Ashwagandha (Withania somnifera) is one of several Ayurvedic herbs increasingly being embraced by U.S. consumers, and its popularity is helping lay the groundwork for other Indian herbs to be successfully introduced to the U.S. market. Companies looking to introduce Ayurvedic herbs to the United States can learn much from the success of ashwagandha, as these herbs are likely to present many of the same challenges and opportunities.
Several factors have contributed to the recent success of ashwagandha as a dietary ingredient in dietary supplements, including:
Applying modern research and clinical studies to ashwagandha can be useful in educating U.S. consumers, but it is important to recognize both the limitations of this research and the value of the knowledge that has been acquired through thousands of years of human use.
Modern research and clinical trials are confirming some of the traditional therapeutic uses and health benefits of ashwagandha, but research is usually narrow and specific in scope. This can be useful in discovering new and specific applications for ashwagandha, but it isn’t always as useful in explaining the therapeutic benefits observed by millions of people over the last 3,000 years. Narrowly focused trials are also an ineffective way to assess ashwagandha’s impact on overall health and well-being
Because ashwagandha has traditionally been used in a highly customized Ayurvedic treatment, it is difficult to design and conduct effective double-blind, placebo-controlled studies that account for individuality or its use in a formula with other substances. The fact that, unlike most chemical drugs which are highly pure single molecules, botanical ingredients are a mixture of complex chemical constituents, adds to the challenge of conducting studies that decipher the therapeutic effects of botanicals.
Ayurvedic herb sales in the U.S. market would benefit from researchers, the media and ultimately consumers being educated about the limitations of drug-style trials for herbal medicine. In addition, companies should push researchers to innovate new ways to study traditional herbal medicine to quantify therapeutic properties in a meaningful way for consumers.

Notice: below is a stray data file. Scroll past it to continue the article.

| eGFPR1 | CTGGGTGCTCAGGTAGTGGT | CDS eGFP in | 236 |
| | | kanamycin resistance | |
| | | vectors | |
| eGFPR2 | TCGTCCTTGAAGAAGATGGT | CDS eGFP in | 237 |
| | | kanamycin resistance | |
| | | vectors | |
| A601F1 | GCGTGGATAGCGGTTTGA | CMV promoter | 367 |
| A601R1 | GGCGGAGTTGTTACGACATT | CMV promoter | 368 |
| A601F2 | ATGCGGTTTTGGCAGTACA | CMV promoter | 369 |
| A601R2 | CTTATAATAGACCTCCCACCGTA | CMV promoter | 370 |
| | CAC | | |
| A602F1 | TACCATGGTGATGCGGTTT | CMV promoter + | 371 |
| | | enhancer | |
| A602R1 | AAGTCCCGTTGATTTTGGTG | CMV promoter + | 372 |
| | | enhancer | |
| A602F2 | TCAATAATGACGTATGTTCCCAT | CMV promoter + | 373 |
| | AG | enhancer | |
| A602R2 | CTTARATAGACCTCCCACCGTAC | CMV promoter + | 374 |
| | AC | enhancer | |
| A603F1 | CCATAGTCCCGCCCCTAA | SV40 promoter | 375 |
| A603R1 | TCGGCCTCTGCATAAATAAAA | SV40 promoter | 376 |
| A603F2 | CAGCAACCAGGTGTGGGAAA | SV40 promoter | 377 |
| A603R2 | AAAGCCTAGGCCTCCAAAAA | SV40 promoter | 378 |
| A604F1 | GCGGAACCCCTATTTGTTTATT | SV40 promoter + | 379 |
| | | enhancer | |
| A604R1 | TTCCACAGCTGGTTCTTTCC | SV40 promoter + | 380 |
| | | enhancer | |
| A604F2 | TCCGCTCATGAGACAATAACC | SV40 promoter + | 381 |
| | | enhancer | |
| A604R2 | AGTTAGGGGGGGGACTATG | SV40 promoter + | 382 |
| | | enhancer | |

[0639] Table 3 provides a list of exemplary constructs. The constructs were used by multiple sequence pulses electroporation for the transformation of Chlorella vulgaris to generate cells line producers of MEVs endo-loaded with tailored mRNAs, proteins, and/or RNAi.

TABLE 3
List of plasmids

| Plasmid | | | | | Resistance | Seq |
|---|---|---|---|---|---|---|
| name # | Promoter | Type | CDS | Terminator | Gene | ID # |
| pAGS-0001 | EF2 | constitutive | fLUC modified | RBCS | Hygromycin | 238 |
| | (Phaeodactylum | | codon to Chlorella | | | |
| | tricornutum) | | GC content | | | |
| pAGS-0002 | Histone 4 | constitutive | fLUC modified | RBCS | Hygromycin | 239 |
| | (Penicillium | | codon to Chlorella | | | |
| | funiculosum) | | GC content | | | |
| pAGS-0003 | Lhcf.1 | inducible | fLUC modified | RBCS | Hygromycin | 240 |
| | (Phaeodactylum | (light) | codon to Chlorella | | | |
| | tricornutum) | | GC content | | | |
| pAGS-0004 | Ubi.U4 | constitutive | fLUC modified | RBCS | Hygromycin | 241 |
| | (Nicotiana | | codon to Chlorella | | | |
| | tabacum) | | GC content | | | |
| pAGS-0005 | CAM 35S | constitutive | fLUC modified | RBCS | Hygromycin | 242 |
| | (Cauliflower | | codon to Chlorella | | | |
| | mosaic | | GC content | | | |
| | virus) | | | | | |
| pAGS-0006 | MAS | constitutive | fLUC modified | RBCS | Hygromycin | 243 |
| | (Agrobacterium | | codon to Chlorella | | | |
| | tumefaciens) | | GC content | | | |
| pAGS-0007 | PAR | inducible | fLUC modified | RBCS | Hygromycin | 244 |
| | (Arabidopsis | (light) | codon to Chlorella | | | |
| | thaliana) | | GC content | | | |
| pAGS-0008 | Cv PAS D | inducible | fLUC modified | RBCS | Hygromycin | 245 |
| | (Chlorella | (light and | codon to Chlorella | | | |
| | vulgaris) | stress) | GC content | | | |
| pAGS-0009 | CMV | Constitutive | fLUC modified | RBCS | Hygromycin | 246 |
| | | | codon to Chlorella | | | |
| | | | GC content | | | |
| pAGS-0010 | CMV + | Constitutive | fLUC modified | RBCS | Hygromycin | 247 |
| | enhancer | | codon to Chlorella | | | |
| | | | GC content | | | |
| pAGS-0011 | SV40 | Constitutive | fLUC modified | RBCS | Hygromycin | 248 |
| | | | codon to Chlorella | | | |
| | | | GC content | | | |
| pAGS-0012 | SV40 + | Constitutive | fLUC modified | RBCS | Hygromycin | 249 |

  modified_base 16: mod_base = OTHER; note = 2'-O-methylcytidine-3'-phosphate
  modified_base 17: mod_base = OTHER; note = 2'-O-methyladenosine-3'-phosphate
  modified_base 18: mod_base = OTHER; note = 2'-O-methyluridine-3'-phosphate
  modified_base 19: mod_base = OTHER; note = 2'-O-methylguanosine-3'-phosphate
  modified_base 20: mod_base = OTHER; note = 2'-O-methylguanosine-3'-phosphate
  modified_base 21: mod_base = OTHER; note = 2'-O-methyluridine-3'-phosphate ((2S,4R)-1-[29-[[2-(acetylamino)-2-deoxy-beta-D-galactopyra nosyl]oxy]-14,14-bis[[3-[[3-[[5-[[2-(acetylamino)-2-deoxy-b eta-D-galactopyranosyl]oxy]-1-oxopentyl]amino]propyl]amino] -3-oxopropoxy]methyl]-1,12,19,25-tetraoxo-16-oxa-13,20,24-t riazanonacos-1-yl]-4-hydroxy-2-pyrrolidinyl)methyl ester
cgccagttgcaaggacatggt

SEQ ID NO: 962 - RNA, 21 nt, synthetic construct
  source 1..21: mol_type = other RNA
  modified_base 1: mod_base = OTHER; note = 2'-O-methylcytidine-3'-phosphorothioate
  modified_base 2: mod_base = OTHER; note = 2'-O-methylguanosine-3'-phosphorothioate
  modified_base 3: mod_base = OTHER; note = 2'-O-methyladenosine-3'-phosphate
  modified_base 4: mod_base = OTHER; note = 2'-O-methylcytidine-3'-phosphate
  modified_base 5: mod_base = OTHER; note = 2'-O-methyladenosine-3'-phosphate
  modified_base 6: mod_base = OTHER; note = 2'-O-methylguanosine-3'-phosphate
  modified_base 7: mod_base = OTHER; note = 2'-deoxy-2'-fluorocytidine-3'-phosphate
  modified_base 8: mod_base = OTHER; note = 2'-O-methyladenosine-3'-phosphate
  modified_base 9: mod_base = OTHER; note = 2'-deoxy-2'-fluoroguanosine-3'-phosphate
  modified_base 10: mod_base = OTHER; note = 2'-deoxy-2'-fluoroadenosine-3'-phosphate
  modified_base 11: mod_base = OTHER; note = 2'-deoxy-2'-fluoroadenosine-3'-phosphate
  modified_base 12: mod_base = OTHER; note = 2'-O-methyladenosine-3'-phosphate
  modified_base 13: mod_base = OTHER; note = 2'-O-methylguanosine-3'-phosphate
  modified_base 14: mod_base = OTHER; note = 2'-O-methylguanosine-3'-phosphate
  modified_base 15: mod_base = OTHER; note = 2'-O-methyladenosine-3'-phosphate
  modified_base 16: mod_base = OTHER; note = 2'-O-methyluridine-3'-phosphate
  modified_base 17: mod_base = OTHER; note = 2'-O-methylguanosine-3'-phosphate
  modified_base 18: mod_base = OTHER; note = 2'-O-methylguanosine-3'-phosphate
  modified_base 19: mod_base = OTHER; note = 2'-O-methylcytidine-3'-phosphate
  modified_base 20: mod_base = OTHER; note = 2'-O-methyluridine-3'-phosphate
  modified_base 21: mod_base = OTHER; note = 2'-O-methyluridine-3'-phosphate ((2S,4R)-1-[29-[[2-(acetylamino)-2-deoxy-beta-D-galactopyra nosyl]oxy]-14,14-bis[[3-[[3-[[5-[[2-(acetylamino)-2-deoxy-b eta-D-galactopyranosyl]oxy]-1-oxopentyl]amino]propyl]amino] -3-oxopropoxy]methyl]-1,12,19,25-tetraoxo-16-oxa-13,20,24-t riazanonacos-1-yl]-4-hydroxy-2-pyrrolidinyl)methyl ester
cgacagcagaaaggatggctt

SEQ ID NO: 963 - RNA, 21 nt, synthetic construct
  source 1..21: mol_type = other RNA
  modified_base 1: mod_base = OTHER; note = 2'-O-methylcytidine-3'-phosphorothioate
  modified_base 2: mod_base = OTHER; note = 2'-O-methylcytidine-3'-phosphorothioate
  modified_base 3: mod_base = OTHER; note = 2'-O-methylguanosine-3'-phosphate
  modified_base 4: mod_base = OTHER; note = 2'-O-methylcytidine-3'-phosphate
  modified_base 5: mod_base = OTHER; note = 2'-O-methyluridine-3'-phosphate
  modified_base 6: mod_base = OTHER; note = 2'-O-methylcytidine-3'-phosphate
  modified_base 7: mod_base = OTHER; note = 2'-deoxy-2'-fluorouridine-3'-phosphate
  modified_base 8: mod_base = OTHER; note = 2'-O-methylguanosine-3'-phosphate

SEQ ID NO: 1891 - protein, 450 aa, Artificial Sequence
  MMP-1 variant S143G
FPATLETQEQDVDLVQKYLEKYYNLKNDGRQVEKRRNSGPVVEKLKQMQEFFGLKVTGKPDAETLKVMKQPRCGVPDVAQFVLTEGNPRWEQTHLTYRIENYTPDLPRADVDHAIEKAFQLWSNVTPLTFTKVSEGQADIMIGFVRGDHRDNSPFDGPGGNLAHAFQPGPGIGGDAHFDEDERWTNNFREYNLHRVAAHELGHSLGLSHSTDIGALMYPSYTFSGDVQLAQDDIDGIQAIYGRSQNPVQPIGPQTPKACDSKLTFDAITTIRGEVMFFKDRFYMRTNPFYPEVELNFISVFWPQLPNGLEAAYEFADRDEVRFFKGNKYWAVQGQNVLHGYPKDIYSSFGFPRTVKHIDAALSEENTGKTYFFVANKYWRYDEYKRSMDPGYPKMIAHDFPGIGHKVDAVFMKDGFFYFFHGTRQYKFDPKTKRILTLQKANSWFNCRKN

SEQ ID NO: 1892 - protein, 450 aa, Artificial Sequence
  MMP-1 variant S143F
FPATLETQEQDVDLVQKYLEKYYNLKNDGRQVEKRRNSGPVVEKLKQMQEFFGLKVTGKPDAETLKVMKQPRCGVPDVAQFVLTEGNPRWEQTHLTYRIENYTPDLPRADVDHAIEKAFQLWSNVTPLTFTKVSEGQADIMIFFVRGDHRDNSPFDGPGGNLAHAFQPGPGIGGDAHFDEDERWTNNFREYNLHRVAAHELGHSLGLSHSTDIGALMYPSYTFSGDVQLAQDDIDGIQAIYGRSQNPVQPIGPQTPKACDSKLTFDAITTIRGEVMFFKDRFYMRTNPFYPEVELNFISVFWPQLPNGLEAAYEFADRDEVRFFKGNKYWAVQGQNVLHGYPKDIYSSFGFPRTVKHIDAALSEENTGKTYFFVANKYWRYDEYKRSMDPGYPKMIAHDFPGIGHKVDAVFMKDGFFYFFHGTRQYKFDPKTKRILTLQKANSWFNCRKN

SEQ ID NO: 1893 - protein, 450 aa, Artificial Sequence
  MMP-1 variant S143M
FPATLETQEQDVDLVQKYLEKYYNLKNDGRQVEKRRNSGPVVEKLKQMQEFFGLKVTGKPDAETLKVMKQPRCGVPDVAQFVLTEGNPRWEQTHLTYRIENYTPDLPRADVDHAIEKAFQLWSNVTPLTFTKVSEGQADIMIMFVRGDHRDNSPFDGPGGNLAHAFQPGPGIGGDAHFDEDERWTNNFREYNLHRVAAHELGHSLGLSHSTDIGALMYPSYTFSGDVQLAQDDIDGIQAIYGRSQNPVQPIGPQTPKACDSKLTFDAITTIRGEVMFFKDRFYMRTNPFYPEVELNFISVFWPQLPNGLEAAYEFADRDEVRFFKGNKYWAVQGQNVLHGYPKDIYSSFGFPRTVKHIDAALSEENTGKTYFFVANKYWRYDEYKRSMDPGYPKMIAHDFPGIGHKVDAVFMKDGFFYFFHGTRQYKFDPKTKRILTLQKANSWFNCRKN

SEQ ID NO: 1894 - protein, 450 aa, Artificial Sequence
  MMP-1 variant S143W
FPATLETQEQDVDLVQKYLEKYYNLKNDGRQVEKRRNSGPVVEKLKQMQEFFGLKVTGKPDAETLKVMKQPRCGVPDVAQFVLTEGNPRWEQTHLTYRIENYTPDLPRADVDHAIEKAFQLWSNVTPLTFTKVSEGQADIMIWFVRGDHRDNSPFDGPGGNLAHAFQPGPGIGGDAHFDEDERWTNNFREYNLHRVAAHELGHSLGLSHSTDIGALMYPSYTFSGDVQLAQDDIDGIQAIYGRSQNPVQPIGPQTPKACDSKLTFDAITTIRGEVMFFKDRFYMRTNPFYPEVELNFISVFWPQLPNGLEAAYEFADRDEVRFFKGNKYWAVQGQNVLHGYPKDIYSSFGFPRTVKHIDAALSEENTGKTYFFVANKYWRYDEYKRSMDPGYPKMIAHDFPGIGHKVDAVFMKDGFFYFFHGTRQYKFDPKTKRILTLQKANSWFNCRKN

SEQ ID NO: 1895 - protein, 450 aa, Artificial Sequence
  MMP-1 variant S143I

The average U.S. consumer is likely to have limited knowledge of the traditional uses and benefits of Indian herbs such as ashwagandha. This presents opportunity for growth, but it can be a challenge to educate consumers raised with modern Western medicine who often consider herbs through the allopathic view of one substance for a condition, rather than the traditional approach of combining several herbs into a formula.
More and better research can help educate U.S. consumers, but additional efforts will likely be needed to help explain fundamental differences between modern Western medicine and Ayurveda. Like some other forms of traditional medicine, Ayurveda takes a different approach to healing than modern Western medicine. While the differences are too great to list, two significant differences are:
The more Americans and researchers understand Ayurveda and how to effectively use Ayurvedic herbs to promote health and well-being, the easier it will be for companies to introduce and sell these herbs to U.S. consumers.
The growing popularity of Ayurvedic herbs in the United States can be expected to present companies with new challenges such as ensuring sustainability and quality while continuing to meet growing demand. The American Herbal Product Association (AHPA) helps address these challenges by continuously identifying and developing innovative practices that ensure U.S. consumers can reap the benefits of high-quality, sustainably produced products that incorporate Ayurvedic herbs.